Not Pirus Networks. It's basically been full speed ahead for the storage virtualization switch crew, which was acquired last September by Sun Microsystems Inc. (Nasdaq: SUNW) in a deal worth around $165 million. Sun left the startup -- still based in the same Acton, Mass., offices -- largely intact, although it didn't retain Pirus's salespeople (see Sun Beams on Pirus and Sun Completes Pirus Acquisition).
Since becoming a Sun employee, former Pirus CEO Rich Napolitano has been out selling the switch as aggressively as ever. "Really, the job hasn't changed much, to tell you the truth," he says.
This isn't completely true. The Pirus technology, from a marketing perspective, has already been subsumed into Sun's N1 strategy, which is supposed to unify the management of data center resources (see Sun to Pilot N1 in Q1). Meanwhile, the next generation of the Pirus technology [ed. note: not to be confused with Toyota's Prius] will be delivered as an integrated piece of Sun's StorEdge 6900 array. That's definitely a shift from Pirus's previous goal, which was to eliminate a customer's reliance on a single vendor's storage arrays.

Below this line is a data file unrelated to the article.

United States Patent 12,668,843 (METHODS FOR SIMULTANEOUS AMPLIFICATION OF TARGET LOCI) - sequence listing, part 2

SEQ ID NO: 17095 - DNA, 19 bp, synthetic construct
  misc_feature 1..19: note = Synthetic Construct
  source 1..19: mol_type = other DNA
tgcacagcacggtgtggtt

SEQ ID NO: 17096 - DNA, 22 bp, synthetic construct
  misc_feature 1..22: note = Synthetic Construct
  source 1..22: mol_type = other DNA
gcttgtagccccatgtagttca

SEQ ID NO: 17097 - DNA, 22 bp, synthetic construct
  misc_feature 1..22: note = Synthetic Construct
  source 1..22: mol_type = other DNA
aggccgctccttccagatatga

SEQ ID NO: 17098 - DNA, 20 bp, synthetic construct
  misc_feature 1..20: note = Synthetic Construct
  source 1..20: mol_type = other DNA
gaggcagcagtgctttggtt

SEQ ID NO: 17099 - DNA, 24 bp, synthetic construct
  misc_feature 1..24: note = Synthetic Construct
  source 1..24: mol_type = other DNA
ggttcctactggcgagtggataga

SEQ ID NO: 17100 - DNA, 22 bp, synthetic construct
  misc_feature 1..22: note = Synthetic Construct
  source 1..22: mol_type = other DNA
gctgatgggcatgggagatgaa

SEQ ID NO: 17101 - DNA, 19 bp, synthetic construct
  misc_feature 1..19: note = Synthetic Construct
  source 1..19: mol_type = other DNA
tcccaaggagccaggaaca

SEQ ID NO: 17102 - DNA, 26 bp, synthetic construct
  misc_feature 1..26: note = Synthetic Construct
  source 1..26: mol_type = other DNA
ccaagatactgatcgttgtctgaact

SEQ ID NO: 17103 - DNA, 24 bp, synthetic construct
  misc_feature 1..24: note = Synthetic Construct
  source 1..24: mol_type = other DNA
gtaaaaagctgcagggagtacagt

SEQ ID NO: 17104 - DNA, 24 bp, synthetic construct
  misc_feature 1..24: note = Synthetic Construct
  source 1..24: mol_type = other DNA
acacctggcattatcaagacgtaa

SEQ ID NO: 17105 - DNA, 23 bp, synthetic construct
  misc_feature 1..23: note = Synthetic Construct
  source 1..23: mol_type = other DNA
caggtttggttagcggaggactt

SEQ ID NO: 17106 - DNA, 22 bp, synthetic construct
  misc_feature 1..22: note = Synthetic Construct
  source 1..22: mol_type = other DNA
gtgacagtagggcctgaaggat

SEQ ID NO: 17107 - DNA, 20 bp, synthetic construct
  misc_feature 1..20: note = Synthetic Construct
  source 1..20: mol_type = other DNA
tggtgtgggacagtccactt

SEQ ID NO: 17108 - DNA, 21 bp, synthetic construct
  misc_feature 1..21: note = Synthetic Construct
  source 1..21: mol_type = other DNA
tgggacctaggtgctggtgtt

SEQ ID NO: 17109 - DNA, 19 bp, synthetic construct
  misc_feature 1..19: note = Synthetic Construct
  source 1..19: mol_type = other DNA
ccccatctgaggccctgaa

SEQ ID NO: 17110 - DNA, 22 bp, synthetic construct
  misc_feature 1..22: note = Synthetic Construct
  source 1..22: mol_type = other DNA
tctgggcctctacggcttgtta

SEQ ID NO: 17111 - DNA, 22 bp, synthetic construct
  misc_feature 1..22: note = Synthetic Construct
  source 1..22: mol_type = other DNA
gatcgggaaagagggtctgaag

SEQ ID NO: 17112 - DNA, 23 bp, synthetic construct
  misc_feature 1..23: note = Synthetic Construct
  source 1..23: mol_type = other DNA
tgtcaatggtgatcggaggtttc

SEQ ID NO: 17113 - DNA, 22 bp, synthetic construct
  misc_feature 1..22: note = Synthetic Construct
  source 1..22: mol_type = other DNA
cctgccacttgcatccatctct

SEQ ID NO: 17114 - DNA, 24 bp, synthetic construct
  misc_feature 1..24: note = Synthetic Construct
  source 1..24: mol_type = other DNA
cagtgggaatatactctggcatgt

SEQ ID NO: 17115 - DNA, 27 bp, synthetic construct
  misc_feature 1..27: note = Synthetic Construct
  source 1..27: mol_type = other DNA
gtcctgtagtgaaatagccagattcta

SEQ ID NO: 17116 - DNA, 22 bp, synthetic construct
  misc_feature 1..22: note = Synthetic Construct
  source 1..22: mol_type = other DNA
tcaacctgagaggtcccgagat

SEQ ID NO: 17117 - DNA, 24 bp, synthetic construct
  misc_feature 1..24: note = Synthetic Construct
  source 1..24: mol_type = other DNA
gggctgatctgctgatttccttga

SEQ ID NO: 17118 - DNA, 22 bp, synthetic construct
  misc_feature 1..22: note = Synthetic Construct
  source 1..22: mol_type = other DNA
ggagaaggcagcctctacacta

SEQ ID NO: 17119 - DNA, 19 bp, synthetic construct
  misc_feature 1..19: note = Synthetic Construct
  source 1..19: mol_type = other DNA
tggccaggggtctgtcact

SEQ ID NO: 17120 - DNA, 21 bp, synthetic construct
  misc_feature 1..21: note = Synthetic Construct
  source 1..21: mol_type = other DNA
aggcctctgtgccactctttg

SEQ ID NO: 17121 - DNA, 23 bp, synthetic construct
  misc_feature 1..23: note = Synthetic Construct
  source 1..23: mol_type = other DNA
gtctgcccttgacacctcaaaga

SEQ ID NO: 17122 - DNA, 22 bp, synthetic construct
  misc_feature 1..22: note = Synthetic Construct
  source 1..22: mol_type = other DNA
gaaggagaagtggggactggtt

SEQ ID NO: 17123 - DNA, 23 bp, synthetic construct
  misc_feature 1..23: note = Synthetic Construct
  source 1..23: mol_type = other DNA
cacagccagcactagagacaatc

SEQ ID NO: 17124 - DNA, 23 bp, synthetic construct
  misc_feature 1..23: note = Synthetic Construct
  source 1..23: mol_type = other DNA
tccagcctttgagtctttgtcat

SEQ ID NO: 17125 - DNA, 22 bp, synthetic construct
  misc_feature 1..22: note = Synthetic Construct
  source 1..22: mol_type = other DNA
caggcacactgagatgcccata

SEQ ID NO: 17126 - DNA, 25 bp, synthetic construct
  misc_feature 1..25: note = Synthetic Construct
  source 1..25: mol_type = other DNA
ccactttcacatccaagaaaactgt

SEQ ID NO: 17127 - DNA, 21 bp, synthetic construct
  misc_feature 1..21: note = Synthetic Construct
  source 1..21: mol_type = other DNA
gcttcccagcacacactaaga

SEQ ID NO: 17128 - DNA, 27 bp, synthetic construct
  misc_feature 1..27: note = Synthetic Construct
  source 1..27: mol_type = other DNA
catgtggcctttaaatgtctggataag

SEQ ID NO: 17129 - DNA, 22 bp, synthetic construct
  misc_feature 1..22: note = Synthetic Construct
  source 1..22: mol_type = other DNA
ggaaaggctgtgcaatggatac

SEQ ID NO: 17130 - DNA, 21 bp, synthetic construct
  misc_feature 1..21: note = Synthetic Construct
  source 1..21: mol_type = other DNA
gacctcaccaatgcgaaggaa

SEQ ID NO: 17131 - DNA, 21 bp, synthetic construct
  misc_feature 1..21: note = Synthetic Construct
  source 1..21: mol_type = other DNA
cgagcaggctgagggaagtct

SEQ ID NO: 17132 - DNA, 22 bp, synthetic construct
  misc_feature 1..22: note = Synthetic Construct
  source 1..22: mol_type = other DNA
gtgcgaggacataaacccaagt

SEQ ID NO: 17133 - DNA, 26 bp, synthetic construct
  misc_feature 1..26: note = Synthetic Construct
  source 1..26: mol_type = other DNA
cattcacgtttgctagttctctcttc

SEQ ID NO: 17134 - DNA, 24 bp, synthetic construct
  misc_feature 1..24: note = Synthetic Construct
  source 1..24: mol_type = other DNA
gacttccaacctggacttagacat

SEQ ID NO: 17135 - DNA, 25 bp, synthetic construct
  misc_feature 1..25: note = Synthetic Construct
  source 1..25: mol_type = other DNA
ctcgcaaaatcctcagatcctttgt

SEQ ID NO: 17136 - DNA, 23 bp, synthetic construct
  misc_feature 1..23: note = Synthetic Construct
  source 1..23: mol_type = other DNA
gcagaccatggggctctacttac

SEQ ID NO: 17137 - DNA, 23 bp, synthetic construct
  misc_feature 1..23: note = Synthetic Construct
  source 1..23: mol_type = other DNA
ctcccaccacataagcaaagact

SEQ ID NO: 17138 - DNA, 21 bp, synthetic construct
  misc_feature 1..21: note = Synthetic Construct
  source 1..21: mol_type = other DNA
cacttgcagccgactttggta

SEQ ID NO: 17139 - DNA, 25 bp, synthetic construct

Napolitano, however, argues that Pirus's original mission is consistent with Sun's culture of offering open, standards-based systems. It's only that the channels for how that technology is delivered have changed. "What Pirus was about was moving [intelligence] to the edge, which was intended to give people degrees of freedom to pick their back-end storage subsystem," he says. "That's still our proposition." Or to put it another way: Maybe the Kool-Aid at Sun and Pirus is pretty much the same flavor?